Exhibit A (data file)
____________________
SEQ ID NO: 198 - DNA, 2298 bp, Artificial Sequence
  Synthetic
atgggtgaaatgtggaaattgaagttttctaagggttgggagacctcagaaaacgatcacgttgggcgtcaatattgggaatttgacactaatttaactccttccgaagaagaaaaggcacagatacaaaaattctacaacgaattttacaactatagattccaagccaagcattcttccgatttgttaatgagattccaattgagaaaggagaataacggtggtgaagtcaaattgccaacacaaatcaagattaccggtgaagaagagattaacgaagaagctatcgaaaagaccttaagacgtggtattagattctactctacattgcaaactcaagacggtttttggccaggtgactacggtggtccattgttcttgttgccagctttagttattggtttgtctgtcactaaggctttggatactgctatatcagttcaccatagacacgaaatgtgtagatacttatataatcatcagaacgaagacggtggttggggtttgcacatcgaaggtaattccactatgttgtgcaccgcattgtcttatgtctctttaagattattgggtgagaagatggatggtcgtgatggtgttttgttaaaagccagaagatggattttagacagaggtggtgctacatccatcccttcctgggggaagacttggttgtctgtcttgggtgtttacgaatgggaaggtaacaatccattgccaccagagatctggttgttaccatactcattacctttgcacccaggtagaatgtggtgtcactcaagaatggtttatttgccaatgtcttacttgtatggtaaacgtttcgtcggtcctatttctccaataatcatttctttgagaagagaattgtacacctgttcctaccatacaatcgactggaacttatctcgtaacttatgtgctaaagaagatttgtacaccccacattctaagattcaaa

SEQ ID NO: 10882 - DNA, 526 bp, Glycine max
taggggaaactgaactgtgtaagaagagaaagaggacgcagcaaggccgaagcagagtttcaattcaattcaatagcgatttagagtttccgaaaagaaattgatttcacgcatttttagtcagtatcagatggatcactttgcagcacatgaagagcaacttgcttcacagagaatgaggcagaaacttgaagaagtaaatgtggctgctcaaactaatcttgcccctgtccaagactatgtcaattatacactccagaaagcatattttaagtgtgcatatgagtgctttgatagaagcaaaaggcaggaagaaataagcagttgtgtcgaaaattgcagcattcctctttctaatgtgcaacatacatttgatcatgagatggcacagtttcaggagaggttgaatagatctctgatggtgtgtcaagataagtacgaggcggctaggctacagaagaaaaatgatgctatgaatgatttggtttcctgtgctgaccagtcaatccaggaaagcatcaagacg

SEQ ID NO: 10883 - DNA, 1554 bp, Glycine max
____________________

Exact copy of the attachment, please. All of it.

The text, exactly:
SEQ ID NO: 198 - DNA, 2298 bp, Artificial Sequence
  Synthetic
atgggtgaaatgtggaaattgaagttttctaagggttgggagacctcagaaaacgatcacgttgggcgtcaatattgggaatttgacactaatttaactccttccgaagaagaaaaggcacagatacaaaaattctacaacgaattttacaactatagattccaagccaagcattcttccgatttgttaatgagattccaattgagaaaggagaataacggtggtgaagtcaaattgccaacacaaatcaagattaccggtgaagaagagattaacgaagaagctatcgaaaagaccttaagacgtggtattagattctactctacattgcaaactcaagacggtttttggccaggtgactacggtggtccattgttcttgttgccagctttagttattggtttgtctgtcactaaggctttggatactgctatatcagttcaccatagacacgaaatgtgtagatacttatataatcatcagaacgaagacggtggttggggtttgcacatcgaaggtaattccactatgttgtgcaccgcattgtcttatgtctctttaagattattgggtgagaagatggatggtcgtgatggtgttttgttaaaagccagaagatggattttagacagaggtggtgctacatccatcccttcctgggggaagacttggttgtctgtcttgggtgtttacgaatgggaaggtaacaatccattgccaccagagatctggttgttaccatactcattacctttgcacccaggtagaatgtggtgtcactcaagaatggtttatttgccaatgtcttacttgtatggtaaacgtttcgtcggtcctatttctccaataatcatttctttgagaagagaattgtacacctgttcctaccatacaatcgactggaacttatctcgtaacttatgtgctaaagaagatttgtacaccccacattctaagattcaaa

SEQ ID NO: 10882 - DNA, 526 bp, Glycine max
taggggaaactgaactgtgtaagaagagaaagaggacgcagcaaggccgaagcagagtttcaattcaattcaatagcgatttagagtttccgaaaagaaattgatttcacgcatttttagtcagtatcagatggatcactttgcagcacatgaagagcaacttgcttcacagagaatgaggcagaaacttgaagaagtaaatgtggctgctcaaactaatcttgcccctgtccaagactatgtcaattatacactccagaaagcatattttaagtgtgcatatgagtgctttgatagaagcaaaaggcaggaagaaataagcagttgtgtcgaaaattgcagcattcctctttctaatgtgcaacatacatttgatcatgagatggcacagtttcaggagaggttgaatagatctctgatggtgtgtcaagataagtacgaggcggctaggctacagaagaaaaatgatgctatgaatgatttggtttcctgtgctgaccagtcaatccaggaaagcatcaagacg

SEQ ID NO: 10883 - DNA, 1554 bp, Glycine max